“The verdict is in: Obamacare lowers uninsured,” says a headline on Politico.
“Obamacare haters, your case just got weaker,” writes The New Republic.
“For millions who signed up, Obamacare is working,” proclaims Vox.
Sorry to be a buzzkill, but the celebration is a little premature. Coverage has increased, but 20 million? That’s a clear overstatement. The actual gains are nowhere near that high.
Had the Obamacare cheerleaders more closely scrutinized the Commonwealth Fund’s report, which appeared in the New England Journal of Medicine, they might not have been so quick to reach for the pompoms.
The foundation arrived at its headline figure by adding together the following groups: the 8 million consumers who selected an ACA marketplace plan; the 6 million who enrolled in Medicaid or the Children’s Health Insurance Program; the 5 million who purchased a plan directly from an insurer; and the 1 million young adults who gained coverage under a parent’s policy.
The first problem is that the report counts all people obtaining health care coverage, regardless of whether they previously had it. That’s not “gaining” coverage – that’s replacing one form of coverage for another.
Next, the 8 million people the Obama administration claims signed up for private coverage through the law’s health exchanges includes those who signed up but never paid.
It also ignores the number of people who likely will fall out because of nonpayment in the coming months, but the report can’t necessarily be faulted for that.
As for the Medicaid enrollees, the 6 million figure is technically accurate. But it’s a stretch to claim those numbers as an ACA victory because many of those people always were eligible for Medicaid. They just never signed up until after October.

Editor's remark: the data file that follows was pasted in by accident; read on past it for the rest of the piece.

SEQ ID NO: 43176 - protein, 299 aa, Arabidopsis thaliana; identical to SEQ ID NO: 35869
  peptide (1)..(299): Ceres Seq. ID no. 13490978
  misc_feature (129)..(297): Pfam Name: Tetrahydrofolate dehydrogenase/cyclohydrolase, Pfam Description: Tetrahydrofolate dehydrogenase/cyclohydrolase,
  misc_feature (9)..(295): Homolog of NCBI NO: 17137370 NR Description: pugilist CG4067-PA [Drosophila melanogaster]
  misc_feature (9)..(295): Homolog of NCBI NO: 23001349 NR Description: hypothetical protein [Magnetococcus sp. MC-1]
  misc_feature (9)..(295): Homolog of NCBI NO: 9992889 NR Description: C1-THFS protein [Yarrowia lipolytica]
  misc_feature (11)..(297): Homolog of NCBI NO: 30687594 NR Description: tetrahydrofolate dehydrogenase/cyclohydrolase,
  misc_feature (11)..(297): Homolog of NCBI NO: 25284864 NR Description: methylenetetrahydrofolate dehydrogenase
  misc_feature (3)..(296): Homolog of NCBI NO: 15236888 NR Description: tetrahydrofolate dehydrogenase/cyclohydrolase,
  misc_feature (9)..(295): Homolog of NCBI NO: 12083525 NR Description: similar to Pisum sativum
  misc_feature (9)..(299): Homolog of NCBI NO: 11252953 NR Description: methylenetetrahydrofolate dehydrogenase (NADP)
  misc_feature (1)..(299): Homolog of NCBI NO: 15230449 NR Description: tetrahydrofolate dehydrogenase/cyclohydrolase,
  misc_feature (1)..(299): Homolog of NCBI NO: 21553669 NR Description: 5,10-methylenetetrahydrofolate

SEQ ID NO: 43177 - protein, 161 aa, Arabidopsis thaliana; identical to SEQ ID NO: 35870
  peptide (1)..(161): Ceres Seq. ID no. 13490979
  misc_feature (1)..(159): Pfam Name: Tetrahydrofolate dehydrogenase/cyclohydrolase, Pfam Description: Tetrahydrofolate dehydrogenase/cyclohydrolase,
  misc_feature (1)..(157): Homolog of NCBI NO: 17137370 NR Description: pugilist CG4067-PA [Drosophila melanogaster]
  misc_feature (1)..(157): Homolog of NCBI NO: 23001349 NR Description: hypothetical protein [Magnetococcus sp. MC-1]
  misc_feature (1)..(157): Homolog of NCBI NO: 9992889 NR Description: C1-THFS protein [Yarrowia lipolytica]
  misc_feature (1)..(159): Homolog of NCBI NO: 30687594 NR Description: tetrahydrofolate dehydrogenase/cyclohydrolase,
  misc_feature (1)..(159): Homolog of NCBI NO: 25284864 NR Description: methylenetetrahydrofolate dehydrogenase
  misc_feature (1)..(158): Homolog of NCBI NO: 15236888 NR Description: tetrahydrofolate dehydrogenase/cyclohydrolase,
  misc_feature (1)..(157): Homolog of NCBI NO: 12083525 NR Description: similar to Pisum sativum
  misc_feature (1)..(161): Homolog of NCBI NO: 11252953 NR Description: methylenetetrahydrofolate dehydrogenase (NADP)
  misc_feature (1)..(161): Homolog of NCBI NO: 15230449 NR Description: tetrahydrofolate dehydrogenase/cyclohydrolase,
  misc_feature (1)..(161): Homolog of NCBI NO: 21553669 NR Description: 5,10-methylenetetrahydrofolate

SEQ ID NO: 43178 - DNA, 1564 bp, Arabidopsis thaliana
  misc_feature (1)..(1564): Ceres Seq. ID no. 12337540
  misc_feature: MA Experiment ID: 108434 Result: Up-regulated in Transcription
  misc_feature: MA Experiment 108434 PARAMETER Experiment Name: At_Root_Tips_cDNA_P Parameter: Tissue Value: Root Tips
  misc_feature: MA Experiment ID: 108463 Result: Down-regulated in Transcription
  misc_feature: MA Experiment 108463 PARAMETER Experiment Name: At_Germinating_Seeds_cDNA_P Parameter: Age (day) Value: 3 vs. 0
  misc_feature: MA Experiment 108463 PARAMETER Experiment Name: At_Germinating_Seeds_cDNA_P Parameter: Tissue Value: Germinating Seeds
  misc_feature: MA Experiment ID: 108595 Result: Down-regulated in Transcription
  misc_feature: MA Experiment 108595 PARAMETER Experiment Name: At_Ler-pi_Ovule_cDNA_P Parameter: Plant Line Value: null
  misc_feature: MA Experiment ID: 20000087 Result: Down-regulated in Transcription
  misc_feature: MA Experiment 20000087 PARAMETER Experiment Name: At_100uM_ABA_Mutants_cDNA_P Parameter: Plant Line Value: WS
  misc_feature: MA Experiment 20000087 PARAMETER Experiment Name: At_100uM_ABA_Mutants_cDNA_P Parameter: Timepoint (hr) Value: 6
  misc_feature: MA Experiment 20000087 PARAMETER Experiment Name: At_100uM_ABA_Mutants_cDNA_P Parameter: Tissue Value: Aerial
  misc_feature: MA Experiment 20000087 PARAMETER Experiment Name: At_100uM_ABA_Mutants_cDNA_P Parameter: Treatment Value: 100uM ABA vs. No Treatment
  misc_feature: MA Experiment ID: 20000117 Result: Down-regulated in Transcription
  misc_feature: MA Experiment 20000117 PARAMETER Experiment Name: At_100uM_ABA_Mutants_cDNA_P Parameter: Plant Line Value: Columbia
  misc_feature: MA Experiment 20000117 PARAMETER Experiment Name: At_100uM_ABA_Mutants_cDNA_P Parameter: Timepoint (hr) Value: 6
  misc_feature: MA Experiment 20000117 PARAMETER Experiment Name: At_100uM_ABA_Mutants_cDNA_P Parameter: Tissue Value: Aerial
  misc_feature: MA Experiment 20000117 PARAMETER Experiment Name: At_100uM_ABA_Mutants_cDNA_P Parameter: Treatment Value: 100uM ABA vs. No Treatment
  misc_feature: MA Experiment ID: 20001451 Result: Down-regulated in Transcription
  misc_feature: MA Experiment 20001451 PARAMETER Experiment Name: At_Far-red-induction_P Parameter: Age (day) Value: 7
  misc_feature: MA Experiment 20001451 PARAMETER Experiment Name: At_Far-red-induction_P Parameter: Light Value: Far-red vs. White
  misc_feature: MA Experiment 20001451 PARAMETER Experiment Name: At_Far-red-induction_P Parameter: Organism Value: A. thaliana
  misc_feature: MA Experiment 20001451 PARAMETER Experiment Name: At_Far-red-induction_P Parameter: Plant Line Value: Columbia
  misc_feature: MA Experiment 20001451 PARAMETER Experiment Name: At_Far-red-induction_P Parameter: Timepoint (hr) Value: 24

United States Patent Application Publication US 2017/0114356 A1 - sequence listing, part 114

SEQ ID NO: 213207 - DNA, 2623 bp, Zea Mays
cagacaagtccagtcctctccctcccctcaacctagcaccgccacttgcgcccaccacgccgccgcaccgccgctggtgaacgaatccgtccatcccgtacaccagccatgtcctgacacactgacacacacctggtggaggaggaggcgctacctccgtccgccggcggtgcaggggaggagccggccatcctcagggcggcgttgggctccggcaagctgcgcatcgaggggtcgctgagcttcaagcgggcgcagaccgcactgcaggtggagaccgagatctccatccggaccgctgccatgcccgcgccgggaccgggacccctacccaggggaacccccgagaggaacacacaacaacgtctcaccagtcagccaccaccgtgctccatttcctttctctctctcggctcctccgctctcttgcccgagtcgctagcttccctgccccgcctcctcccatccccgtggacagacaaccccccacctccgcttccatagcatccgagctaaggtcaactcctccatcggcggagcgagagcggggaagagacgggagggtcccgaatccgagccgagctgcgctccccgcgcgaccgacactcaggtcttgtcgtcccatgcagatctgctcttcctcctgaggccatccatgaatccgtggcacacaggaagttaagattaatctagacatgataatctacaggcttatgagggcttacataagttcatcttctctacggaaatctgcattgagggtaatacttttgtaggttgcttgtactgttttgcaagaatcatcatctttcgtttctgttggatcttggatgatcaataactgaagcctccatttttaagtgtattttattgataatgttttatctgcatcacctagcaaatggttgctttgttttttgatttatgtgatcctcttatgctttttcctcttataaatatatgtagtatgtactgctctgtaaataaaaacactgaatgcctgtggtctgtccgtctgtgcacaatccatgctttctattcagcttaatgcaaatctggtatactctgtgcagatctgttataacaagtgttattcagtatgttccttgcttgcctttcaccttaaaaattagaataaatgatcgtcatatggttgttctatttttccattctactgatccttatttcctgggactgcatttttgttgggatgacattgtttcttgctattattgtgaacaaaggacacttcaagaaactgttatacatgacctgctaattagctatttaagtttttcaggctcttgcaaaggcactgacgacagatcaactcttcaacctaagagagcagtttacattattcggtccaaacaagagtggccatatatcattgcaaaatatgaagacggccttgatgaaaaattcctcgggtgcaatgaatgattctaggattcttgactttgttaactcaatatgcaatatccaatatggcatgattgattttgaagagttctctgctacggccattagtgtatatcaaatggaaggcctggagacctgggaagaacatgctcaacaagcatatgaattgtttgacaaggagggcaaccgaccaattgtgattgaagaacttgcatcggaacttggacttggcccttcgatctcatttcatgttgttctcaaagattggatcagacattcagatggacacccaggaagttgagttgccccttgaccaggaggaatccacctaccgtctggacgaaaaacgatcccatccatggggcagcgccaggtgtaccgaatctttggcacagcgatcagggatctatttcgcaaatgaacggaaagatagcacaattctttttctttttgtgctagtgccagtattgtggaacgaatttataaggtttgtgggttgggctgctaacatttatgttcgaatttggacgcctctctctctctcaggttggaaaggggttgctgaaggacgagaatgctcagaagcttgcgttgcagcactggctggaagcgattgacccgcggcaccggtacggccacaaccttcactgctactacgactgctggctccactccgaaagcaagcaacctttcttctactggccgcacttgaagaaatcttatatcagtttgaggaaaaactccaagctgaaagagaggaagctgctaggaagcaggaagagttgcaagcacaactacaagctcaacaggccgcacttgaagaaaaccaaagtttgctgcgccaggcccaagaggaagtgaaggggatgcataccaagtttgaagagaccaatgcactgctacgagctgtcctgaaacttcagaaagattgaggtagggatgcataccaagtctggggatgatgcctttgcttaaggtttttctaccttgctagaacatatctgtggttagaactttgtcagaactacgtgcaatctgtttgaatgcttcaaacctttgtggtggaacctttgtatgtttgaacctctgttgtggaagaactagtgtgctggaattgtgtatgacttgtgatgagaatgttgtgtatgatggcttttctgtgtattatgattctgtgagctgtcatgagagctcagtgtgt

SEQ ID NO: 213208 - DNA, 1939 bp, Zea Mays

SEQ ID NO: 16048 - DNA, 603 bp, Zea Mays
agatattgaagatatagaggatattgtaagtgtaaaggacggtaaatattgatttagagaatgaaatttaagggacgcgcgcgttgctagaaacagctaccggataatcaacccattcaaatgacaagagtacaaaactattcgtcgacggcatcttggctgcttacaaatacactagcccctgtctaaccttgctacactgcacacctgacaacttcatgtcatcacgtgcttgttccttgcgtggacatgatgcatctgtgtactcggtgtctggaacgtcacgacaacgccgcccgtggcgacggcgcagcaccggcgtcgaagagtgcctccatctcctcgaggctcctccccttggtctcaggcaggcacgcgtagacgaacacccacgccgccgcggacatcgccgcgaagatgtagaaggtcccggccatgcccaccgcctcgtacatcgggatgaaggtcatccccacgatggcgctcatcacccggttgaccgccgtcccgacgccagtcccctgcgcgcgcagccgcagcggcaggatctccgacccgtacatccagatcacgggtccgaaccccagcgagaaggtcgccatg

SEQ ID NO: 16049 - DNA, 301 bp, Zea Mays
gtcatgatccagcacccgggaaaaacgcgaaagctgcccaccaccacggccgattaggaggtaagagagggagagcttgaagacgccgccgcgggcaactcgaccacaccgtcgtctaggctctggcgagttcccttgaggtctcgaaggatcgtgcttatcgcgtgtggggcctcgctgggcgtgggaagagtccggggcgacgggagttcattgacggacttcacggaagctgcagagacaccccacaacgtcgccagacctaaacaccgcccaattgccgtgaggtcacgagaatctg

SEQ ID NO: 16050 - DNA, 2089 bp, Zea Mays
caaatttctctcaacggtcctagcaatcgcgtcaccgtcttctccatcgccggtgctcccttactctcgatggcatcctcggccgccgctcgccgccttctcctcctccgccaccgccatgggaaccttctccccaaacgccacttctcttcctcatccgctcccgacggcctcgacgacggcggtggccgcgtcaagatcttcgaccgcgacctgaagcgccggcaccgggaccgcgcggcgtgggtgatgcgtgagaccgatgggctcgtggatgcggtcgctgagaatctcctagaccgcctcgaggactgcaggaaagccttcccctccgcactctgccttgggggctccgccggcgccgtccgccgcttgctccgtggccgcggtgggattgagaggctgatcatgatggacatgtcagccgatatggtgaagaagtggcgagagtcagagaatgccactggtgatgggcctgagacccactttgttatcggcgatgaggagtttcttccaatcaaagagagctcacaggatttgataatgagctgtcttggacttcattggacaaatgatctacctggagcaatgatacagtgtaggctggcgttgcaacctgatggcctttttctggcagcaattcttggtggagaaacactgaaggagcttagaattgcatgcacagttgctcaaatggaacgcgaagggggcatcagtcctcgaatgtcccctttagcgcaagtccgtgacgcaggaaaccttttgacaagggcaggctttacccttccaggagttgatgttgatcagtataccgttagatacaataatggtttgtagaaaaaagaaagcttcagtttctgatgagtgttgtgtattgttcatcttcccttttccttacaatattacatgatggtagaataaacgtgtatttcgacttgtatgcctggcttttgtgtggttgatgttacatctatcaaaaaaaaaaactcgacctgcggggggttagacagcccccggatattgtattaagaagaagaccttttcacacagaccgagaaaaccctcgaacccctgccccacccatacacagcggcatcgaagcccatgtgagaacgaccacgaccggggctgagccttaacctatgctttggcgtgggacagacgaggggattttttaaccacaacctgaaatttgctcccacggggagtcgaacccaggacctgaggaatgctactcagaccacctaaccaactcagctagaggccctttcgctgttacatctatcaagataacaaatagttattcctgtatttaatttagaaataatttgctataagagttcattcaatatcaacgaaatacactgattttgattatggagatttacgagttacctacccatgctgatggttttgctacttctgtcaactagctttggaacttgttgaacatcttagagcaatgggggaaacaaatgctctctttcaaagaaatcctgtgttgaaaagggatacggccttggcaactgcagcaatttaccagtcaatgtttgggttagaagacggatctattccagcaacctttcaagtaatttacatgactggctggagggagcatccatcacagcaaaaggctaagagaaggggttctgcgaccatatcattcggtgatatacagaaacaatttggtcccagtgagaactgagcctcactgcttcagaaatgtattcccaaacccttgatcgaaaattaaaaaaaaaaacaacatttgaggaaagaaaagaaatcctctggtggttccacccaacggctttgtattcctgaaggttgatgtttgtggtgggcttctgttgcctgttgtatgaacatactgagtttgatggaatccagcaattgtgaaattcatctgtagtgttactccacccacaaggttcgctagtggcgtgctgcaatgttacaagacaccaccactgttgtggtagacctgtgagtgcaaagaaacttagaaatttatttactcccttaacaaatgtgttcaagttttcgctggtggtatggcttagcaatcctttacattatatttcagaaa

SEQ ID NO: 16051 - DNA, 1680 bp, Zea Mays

Only someone looking for reasons to pad the numbers would make such a leap.
Then there’s the 5 million who purchased coverage outside the exchange. This group includes people who bought plans directly from insurance brokers or insurance companies. Though these plans are ACA-compliant, they may not qualify for Obamacare subsidies. So how exactly can one claim these people are “gaining” cover under Obamacare?
As for the estimated 1 million people younger than age 26 who now are dependents on their parents’ plans, some analysts believe the figure is vastly inflated.
But even if it was dead-on accurate, Commonwealth’s 20 million figure likely is still off by millions.
One of the few journalists willing to take a sober look at the report was Peter Suderman, senior editor at Reason magazine: “It seems clear that millions of people, some of whom were previously insured and many who were not, did in fact obtain health coverage through Obamacare’s various coverage-expanding provisions,” he wrote. “But it’s too early to say exactly how many so far – only that 20 million is almost certainly an overstatement.”
So pardon us for holding off on ordering party favors until more accurate figures come in.
The true test of whether Obamacare is “working” will be when the exchanges reach a stability point.
For the exchanges to work, people – particularly the young and healthy – must enroll and stay enrolled to subsidize the health care costs of older people. If too many people drop out, premiums will rise to the point where the exchanges collapse.
That’s always been the inherent weakness of the Obamacare individual mandate, which is a forced regressive tax on young and healthy Americans to purchase health insurance plans they can’t afford or don’t want so older and wealthier Americans can pay less.
The heavy burden Obamacare places on the young and healthy makes it more
attractive for them to pay opt-out fines and risk going uninsured to save thousands a year in premiums. Then, if they receive a serious diagnosis, such as cancer, they can enroll for coverage and still be entitled to the same premiums paid by healthy people who chose not to game the system.
If the law is allowed to stand as-is, many Americans will jettison Obamacare once they discover that its inherent flaws make free-riding safer than ever, causing a downward spiral of falling enrollments and rising premiums that ends with the collapse of the entire system.
But if the left wants to declare victory after Obamacare’s first enrollment period and throw a party based on inflated numbers, hey, have a ball.
There may not be too many more reasons to celebrate in the future.